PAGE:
Reishi & Astragalus: These two tonics can be used together or separately; however they are often used as a blend and have shown to decrease the severity of allergy symptoms. Reishi is a mushroom and Astragalus is a plant, whose root is used medicinally. Each has anti-inflammatory and anti-stress properties. When taken on a regular basis, these immune tonics help modulate or regulate your immune system response to fight germs, yet are less over-reactive in allergies and autoimmune disease (Note: For some with autoimmune disease Astragalus may stimulate the immune function too much to tolerate well – reduce intake to build up slowly). Reishi and astragalus blend well with chai spices like cardamom, star anise, cinnamon, and a pinch of nutmeg when making tea, or you can add them to soup broth.

Nettles: The benefits of this herb have been documented for centuries as containing various compounds that decrease allergy-related inflammation and histamine. It is full of vitamins, minerals, protein and amino acids, and very safe to use long-term. Considered to be springtime’s natural elixir, nettle can be easily brewed into a tea or used as a tincture. Nettle tea is used to improve heart action, for headaches, and for urinary tract infections and inflammation of the bladder that can lead to gravel (kidney/bladder stones). Nettle tea is said to clean out the entire intestinal tract while activating the body’s natural defense mechanisms. It is also used as an overall health tonic and to treat high blood pressure, anemia, skin inflammations and more. For best results use daily as tea. Use the tincture for more acute symptoms.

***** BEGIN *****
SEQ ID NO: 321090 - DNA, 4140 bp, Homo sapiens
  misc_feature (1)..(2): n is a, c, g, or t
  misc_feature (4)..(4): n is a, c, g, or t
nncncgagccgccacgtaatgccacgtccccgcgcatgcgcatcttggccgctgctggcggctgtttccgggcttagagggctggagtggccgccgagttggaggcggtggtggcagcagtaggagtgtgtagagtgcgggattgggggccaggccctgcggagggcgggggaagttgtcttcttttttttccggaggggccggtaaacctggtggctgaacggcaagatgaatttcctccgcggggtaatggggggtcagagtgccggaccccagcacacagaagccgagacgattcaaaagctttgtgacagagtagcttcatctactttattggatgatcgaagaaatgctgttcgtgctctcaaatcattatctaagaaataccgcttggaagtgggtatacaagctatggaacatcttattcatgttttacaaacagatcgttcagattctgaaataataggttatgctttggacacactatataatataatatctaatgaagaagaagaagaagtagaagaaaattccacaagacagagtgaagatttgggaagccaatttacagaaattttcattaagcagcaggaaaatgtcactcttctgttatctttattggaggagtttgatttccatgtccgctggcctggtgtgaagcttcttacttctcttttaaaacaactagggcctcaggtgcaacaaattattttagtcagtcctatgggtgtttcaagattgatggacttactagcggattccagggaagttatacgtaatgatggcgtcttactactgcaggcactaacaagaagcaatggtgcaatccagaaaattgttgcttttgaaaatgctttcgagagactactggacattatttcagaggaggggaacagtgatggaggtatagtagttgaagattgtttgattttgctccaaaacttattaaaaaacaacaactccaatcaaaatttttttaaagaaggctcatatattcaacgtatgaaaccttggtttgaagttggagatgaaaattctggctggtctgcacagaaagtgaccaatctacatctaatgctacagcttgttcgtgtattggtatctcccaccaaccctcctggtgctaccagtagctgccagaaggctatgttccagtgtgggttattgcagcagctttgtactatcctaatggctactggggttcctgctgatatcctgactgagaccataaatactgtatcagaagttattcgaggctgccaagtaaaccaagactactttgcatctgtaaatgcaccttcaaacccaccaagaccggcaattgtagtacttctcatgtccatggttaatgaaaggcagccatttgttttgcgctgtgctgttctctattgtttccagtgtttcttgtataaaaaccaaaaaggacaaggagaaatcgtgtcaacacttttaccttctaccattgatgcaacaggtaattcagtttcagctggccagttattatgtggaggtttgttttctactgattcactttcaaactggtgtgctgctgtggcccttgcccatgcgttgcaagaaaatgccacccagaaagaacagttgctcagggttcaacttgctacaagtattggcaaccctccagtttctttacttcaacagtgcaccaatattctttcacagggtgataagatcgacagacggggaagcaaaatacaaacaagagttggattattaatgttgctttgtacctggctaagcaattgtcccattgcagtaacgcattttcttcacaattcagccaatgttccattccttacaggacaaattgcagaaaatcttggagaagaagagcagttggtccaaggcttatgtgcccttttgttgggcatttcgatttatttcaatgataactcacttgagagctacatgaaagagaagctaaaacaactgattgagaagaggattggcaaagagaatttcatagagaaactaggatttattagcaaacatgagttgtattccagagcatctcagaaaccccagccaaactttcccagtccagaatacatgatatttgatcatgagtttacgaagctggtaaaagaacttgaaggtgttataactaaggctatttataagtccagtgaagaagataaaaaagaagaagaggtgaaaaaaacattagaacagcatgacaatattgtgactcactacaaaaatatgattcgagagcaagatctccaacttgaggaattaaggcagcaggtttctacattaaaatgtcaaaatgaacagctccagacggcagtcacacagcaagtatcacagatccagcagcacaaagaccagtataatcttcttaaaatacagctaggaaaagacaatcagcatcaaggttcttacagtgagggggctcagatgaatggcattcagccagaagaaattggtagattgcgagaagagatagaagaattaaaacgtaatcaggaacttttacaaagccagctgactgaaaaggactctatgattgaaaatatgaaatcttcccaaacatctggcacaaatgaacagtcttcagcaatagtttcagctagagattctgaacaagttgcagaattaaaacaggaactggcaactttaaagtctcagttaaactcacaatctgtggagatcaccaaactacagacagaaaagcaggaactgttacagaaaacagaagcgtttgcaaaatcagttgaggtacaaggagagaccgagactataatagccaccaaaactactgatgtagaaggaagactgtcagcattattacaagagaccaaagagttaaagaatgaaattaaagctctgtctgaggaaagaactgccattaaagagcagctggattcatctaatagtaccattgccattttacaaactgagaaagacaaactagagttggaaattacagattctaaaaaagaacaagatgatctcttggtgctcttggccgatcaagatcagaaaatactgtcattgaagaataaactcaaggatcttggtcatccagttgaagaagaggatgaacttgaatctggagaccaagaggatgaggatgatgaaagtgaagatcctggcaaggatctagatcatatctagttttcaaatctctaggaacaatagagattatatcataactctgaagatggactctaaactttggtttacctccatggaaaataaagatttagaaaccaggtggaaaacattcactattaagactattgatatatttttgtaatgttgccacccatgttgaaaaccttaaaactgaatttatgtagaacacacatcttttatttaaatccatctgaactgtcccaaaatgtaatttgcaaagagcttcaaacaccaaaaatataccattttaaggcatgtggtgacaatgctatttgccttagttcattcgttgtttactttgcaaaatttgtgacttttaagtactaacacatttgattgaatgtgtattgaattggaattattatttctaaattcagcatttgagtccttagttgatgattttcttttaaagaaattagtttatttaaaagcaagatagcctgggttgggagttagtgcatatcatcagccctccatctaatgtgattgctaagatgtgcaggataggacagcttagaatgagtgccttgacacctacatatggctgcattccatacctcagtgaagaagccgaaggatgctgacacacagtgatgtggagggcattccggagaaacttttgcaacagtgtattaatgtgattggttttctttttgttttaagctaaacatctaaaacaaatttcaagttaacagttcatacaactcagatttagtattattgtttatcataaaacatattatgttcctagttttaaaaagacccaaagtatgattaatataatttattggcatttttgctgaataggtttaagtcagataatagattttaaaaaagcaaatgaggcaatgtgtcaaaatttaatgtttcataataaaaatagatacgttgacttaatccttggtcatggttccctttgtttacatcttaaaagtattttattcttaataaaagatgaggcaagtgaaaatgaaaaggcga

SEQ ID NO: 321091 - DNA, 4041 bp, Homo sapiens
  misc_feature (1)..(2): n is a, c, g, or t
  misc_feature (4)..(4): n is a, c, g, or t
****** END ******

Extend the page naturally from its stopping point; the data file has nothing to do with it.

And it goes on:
Here is one of my favorite recipes for Nettle tea:

Sparkling Nettle Lemon Mint Tea
Dried nettle leaves and stems, as needed (see note)
Boiling water, as needed (see note)
Ice, as needed
1 tbsp honey per serving
⅛ preserved or fresh lemon (or a ½-inch [1.5-cm] chunk) per serving
several mint leaves per serving
1 cup sparkling water per serving

Place the nettles in a teapot or a non reactive pot and pour the boiling water over them. Let the nettles steep for 15 minutes, and then strain them from the water.

Add ice to a tall glass and muddle the honey and mint with the preserved lemon. Pour in ½ cup (120 ml) of the strong nettle tea and finish with the sparkling water.

Notes: As a general rule of thumb use 1 tablespoon dried nettles per 1-cup water. If using ice and sparkling water, use 2 tablespoons dried nettles per 1 cup water. For example, to make 4 servings, use 8 teaspoons nettles and 4 cups water. *Best – Use double the amount of fresh nettles leaves and steep overnight for a stronger tonic.

Now, go out and enjoy the spring weather!

Freya Farley is Evergreen Easton Point’s executive director, and an acupuncturist and herbal medicine specialist at Evergreen’s Wellness Center with a focus on women’s health and fertility. Freya practices a food-as-medicine approach, helping others to utilize the healing powers of food to nourish their bodies, minds, and spirits. She also offers personal consultations, a Community Acupuncture Clinic, and Open Studio morning yoga sessions. Evergreen’s Wellness Center also offers holistic and integrated approaches to Health & Wellness. Please visit here or email freyaf@mac.com for more information.

The information in this article is intended for your educational use only, does not necessarily reflect the opinions of Evergreen’s Wellness Center, and is not a substitute for professional medical advice, diagnosis, or treatment.